Back in 2015, I was leading an engineering team at an early-stage education technology startup. We had built an early version of our textbook rental platform, but user adoption was slow and the sales cycles are long when you’re selling college textbooks (students generally only buy them twice per year).
As we debated ways we could grow faster, one of the company’s founders decided he wanted to try something new: he was going to “build” a question and answer platform (like Stack Overflow) for our users. This would allow us to offer college textbooks and original content and discussions that traditional retailers didn’t have.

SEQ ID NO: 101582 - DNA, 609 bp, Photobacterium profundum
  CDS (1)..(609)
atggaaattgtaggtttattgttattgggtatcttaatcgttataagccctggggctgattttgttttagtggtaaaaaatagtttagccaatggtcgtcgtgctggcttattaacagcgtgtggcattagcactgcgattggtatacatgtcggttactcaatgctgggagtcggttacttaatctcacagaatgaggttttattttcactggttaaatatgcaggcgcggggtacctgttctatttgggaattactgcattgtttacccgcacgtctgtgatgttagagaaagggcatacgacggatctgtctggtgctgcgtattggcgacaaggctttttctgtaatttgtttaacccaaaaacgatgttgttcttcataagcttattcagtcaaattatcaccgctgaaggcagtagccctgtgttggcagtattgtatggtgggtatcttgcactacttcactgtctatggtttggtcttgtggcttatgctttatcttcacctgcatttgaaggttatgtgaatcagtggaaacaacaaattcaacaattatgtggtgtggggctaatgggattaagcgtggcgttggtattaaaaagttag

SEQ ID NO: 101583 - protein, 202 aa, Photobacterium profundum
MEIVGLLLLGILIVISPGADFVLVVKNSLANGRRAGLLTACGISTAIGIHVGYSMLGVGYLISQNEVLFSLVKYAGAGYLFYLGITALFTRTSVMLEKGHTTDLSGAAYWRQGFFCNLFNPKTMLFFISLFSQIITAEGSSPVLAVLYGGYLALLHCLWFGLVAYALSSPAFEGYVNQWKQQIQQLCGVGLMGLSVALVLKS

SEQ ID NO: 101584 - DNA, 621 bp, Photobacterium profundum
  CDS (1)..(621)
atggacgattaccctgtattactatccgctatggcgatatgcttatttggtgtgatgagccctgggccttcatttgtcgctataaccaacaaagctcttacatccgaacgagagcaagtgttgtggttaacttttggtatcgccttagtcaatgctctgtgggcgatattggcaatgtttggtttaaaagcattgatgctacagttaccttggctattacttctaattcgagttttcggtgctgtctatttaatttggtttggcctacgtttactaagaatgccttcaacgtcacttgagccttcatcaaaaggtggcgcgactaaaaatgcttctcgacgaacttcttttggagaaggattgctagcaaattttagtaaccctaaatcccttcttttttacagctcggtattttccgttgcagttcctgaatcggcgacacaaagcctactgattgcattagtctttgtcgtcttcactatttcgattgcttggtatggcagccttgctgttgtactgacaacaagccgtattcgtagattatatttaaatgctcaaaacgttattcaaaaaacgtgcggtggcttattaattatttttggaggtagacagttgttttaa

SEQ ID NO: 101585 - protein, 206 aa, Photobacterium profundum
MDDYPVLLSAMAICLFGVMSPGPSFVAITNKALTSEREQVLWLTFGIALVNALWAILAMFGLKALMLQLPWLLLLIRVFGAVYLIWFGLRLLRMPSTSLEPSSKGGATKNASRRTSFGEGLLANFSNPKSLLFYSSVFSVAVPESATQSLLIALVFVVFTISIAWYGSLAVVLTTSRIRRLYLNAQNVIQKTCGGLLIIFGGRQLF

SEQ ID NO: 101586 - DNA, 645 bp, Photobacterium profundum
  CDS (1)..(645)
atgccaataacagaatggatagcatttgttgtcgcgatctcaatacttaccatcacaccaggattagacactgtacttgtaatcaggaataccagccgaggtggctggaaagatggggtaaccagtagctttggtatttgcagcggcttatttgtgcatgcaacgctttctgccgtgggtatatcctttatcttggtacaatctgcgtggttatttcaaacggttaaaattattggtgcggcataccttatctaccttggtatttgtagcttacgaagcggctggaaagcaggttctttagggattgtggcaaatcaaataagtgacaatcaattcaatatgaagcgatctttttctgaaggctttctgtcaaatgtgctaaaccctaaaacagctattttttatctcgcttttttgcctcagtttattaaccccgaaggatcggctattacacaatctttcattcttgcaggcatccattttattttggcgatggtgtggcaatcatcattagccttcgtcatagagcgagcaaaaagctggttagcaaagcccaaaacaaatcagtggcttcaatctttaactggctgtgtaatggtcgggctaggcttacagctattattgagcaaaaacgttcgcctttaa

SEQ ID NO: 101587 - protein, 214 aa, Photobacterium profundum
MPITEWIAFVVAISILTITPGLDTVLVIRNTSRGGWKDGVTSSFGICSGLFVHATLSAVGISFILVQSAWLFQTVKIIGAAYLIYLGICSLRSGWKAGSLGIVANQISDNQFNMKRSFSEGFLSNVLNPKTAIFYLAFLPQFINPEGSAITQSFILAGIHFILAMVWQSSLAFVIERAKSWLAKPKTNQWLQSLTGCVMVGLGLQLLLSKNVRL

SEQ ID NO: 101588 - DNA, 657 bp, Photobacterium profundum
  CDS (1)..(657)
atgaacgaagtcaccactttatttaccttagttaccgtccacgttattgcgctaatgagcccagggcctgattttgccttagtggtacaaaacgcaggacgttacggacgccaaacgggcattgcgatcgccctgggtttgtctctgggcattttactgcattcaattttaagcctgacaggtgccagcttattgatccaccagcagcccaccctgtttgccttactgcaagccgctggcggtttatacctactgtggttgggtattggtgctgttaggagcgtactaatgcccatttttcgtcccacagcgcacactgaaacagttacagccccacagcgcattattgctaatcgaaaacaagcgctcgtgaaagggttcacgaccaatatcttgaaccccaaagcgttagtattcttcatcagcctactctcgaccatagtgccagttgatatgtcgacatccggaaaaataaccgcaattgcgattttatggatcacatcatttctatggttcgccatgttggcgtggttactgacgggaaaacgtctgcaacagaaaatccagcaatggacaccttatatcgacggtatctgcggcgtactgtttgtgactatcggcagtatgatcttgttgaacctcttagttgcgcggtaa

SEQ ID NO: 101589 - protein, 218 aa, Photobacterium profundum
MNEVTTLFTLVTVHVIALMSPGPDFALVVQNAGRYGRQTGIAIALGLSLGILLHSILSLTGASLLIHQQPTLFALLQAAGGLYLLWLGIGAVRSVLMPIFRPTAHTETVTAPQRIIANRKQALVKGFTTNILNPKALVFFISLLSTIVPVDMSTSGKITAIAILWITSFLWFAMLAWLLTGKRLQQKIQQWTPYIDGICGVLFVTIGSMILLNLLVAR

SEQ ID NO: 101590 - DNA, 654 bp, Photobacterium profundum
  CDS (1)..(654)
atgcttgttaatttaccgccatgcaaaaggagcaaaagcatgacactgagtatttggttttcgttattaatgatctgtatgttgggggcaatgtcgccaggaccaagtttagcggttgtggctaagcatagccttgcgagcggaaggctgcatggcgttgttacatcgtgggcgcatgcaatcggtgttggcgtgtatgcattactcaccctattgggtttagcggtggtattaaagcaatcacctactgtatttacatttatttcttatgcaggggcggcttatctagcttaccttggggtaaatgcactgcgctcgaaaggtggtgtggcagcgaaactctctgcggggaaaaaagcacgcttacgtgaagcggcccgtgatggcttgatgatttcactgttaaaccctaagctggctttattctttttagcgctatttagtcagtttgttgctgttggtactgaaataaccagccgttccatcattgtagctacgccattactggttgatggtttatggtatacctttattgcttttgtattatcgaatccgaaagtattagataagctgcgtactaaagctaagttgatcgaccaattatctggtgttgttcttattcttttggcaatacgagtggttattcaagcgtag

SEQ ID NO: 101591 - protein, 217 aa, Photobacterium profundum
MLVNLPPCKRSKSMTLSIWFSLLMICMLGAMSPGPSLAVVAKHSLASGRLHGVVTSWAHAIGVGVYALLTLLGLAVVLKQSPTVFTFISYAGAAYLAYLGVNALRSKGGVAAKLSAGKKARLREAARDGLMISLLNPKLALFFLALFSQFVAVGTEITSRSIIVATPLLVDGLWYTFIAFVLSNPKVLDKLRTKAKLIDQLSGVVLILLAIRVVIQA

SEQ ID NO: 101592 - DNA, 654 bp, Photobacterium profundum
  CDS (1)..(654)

Like many developers, I was skeptical of using software we had little control over, but after a few years of exploring this issue, I’ve gotten a lot more bullish on low-code tooling. Buying software instead of building it has advantages, especially when your goal is to iterate faster.